• The School of Divinity are planning to make the NCL Reserve Collection available in the Semple’s Close Wing of New College from 13th January 2020. Continue reading

Judaism and Jewish Studies: the work of John ‘Rabbi’ Duncan and Adolph Saphir

New College Library holds collections of and about a number of individuals who gathered material and wrote extensively on Judaism and Jewish Studies, motivated by their interest in the conversion of Jews to Christianity.  Two significant figures in this area of interest are John ‘Rabbi’ Duncan and Adolph Saphir.

Duncan was a colourful, intelligent and, at times, tortured soul, one particularly gifted in the study of languages and in missionary work.  Born in 1796, he obtained an MA from the University of Aberdeen in 1814.  When he began his study of theology, he was still an atheist and did not convert to Christianity until 1826.  Even thereafter, he had times of doubt before settling into firm belief.

John ‘Rabbi’ Duncan – portrait by Hill & Adamson

In 1840, having spent some years as an ordained minister, Duncan’s interest in Hebrew and his growing interest in the church’s work concerning the conversion of the Jews to Christianity led to his appointment as the Church of Scotland’s first missionary to the Jews.  Stationed in Budapest from 1841-43, Duncan was remarkably successful in his work there converting, among others, the young Adolph Saphir and his family to the Christian faith.

But in 1843, following The Disruption, Duncan’s calling took him back to Edinburgh where he held the chair of Hebrew and Oriental Languages at the newly-founded New College, remaining in post there until his death in 1870.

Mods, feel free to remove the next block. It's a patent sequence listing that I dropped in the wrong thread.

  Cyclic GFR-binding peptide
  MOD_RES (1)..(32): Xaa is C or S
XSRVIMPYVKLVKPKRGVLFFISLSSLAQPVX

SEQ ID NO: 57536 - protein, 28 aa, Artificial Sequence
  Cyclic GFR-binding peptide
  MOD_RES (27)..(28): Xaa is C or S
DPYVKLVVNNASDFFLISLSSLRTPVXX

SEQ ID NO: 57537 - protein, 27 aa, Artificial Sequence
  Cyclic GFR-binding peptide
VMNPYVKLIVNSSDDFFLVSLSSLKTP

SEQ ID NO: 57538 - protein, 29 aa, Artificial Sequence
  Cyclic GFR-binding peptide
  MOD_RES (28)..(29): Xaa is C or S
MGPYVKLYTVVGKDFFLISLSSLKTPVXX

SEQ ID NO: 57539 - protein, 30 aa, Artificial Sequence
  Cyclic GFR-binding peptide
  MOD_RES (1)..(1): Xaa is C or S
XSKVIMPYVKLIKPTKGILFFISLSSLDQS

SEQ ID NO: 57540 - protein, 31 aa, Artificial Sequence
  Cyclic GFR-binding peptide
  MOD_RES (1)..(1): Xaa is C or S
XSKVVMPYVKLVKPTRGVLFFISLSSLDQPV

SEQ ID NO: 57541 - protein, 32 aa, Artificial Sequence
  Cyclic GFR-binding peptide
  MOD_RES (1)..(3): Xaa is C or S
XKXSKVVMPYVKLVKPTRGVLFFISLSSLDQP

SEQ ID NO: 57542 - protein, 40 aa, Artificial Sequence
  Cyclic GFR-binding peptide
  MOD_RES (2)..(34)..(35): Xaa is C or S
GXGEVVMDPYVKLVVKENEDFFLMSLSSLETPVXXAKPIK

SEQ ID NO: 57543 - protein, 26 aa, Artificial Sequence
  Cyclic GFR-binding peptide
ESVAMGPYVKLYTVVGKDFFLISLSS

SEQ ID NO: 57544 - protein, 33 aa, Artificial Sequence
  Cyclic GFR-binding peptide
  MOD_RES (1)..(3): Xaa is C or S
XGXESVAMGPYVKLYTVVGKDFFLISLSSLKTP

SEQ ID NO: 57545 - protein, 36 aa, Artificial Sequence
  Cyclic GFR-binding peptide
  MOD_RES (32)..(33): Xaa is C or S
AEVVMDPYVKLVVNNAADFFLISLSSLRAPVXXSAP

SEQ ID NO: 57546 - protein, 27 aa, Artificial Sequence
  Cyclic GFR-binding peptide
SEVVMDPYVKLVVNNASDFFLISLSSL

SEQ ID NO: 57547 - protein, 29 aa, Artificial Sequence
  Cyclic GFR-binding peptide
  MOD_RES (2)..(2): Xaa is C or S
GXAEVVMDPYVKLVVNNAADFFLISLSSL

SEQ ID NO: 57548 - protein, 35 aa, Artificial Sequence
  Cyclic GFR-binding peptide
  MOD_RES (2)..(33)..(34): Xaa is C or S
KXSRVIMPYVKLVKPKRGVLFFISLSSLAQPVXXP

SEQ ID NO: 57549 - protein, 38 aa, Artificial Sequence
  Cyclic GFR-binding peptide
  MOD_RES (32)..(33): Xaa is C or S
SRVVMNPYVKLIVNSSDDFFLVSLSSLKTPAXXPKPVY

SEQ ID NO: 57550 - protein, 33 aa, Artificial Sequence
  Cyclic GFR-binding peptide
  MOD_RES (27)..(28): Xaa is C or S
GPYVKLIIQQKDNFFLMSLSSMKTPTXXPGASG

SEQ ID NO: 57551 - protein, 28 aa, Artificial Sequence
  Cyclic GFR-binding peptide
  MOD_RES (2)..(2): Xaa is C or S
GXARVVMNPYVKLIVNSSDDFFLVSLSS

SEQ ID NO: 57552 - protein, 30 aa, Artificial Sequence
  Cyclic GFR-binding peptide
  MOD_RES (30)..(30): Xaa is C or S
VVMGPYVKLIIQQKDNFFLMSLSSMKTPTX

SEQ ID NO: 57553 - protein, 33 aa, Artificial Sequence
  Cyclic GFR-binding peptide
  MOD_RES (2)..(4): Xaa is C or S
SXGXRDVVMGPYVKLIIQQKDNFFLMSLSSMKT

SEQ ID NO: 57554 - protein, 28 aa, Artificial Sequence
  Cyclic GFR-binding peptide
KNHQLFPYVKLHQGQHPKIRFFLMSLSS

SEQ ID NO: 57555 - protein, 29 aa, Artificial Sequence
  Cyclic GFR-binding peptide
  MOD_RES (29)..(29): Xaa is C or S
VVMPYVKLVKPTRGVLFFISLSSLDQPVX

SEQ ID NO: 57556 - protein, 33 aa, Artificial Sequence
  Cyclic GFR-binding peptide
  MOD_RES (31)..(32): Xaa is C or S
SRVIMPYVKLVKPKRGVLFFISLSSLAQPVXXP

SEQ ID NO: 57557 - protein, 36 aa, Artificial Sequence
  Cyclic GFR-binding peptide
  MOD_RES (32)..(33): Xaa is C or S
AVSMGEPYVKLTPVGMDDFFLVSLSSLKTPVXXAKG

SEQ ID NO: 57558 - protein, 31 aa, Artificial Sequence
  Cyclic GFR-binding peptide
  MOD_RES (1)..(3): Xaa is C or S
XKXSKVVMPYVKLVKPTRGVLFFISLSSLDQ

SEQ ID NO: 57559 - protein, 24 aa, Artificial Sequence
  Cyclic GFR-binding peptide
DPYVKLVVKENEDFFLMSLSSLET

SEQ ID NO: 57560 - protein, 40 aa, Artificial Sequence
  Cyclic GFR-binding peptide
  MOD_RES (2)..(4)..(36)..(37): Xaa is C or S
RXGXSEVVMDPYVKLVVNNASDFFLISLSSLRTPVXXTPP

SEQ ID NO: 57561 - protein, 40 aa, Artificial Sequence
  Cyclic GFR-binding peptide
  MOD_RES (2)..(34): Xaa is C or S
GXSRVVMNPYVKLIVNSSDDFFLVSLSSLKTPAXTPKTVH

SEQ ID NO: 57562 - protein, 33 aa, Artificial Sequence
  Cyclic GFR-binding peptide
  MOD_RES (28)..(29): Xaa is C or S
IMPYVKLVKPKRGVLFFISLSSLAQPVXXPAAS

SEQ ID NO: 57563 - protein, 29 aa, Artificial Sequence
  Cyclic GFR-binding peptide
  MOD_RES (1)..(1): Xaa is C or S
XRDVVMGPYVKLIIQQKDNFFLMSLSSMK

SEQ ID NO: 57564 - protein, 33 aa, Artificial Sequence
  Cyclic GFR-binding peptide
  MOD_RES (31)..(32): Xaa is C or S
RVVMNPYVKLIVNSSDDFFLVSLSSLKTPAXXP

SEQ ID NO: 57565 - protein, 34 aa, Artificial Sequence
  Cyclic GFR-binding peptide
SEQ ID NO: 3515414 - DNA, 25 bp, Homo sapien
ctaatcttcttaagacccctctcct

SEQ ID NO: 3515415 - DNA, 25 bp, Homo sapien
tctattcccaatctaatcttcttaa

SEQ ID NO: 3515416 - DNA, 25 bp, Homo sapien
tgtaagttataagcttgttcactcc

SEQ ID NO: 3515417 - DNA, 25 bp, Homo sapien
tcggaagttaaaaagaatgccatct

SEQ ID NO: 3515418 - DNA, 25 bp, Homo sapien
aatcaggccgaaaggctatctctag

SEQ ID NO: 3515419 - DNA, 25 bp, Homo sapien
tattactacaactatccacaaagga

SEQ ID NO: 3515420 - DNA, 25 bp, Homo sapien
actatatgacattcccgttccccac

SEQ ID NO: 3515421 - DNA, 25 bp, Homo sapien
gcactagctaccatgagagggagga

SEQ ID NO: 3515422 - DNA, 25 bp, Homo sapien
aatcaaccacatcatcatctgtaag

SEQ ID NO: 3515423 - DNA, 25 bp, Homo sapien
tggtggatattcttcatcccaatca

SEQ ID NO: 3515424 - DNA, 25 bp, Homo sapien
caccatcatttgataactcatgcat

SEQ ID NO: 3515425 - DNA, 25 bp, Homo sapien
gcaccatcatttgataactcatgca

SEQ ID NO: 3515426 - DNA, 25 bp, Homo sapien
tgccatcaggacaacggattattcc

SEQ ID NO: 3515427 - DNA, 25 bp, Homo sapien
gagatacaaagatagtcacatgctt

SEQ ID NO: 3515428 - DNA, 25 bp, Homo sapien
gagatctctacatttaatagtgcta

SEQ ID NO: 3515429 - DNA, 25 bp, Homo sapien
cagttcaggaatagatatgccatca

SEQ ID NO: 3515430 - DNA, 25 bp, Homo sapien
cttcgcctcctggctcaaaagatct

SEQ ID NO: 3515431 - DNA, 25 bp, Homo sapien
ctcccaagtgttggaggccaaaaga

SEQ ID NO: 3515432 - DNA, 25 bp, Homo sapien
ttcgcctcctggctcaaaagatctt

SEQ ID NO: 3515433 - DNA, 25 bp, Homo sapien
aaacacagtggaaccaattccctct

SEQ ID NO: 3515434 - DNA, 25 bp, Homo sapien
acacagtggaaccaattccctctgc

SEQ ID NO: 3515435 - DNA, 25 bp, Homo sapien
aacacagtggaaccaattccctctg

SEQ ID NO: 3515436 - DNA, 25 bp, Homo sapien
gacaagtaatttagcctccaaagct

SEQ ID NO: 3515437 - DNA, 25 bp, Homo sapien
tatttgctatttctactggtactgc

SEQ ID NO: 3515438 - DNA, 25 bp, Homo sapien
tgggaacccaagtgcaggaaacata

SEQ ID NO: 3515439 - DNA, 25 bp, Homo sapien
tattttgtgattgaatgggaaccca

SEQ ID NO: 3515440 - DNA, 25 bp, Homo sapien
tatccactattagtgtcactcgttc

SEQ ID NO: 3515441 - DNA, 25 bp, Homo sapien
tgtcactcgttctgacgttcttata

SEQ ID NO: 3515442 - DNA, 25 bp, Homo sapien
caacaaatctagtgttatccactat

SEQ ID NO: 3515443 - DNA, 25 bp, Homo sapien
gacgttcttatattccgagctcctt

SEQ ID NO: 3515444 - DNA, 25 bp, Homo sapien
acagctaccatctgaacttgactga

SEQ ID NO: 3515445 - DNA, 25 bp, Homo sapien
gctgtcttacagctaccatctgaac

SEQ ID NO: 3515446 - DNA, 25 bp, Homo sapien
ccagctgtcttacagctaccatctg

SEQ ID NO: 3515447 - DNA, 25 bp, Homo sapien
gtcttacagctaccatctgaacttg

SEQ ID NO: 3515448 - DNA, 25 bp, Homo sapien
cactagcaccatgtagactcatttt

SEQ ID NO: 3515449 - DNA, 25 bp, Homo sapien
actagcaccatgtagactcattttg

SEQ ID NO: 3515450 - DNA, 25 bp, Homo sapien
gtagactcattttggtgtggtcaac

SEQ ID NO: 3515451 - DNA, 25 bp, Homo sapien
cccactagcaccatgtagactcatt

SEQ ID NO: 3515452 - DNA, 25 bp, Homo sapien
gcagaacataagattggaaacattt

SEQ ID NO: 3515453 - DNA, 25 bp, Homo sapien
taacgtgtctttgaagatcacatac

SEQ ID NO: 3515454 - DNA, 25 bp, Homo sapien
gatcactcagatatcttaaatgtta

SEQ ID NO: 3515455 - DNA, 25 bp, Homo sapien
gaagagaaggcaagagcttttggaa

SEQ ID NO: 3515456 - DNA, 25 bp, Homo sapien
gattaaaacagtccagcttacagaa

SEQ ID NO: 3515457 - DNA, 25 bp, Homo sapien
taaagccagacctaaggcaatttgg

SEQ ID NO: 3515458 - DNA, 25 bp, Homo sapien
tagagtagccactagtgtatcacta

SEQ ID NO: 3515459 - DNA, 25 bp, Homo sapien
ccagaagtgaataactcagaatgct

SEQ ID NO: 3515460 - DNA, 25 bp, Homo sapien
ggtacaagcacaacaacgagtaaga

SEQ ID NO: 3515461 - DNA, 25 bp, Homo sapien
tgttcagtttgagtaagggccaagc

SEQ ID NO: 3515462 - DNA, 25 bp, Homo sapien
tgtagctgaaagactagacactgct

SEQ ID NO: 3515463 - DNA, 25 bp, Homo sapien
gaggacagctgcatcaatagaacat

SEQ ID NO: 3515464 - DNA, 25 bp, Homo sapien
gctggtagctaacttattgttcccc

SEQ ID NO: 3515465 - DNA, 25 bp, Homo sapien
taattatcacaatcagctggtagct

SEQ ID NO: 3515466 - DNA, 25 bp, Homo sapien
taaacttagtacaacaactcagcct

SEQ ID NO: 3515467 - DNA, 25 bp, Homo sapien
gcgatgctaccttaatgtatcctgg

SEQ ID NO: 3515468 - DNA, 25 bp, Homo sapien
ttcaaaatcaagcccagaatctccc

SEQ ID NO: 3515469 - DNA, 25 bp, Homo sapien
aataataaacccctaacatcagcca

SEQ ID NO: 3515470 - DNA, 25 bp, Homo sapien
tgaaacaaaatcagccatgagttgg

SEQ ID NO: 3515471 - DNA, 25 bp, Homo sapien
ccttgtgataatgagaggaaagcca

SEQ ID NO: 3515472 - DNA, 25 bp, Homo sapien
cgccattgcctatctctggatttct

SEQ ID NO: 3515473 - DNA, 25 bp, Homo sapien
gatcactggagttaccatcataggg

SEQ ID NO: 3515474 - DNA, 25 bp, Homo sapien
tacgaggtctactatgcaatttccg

Until recently, Duncan’s collection was not easily accessible but it can now be searched for online.  Resources by, about or owned by Duncan can be found in DiscoverEd and also via this resource list compiled by Academic Support Librarian, Christine Love-Rodgers.

In 1843, one of Duncan’s converts, 13-year-old Adolph Saphir, came with him to Edinburgh from Budapest, his father being keen that the young Adolph improve his English and train as a minister of the Free Church.  This process took some time and saw Saphir travel to Berlin, Glasgow and Aberdeen, becoming a student of theology at the Free Church College, Edinburgh in 1851.  In 1854, Saphir, himself a Jewish convert, was appointed a missionary to the Jews.  Saphir’s mission took him first to Hamburg and then, in 1856, to South Shields.  Five years later, he moved to London where he remained until his death in 1891.

Adolph Saphir – photograph by T. Roger, Swan Electric Engraving Co.

Despite Duncan’s inner battles of the spirit and his lack of prowess as a formal teacher, his personal piety, linguistic and informal teaching abilities, as well as his success as a missionary, were impressive.  Saphir and he contributed significantly to the collection of items in New College Library, particularly with reference to the Christian mission to the Jews during the 19th century.  Their legacy is to the ongoing benefit of scholars of Judaism and Jewish Studies.

A small exhibition of some of our Duncan and Saphir material will run from                 26th February-31st March 2019 in New College Library.

Bibliography

http://www.clan-duncan.co.uk/john-rabbi-duncan.html

https://en.wikipedia.org/wiki/John_Duncan_(theologian)

https://en.wikipedia.org/wiki/Adolph_Saphir

http://www.oxforddnb.com/view/10.1093/ref:odnb/9780198614128.001.0001/odnb-9780198614128-e-24663?rskey=IibrBc&result=1

https://archive.org/stream/rschsv028p1barr/rschsv028p1barr_djvu.txt

Mighty in the Scriptures: a memoir of Adolph Saphir, D.D./by Gavin Carlyle. J.F. Shaw and Co.; 1893.

 

Gina Headden, IS Helpdesk Assistant, New College Library and Christine Love-Rodgers, Academic Support Librarian, School of Divinity, New College.  

With many thanks to Jessica Wilkinson from the School of Divinity who contributed so much to identifying and listing the relevant New College Library collections.

Library Resources for Islam and Muslim-Christian Studies: an introduction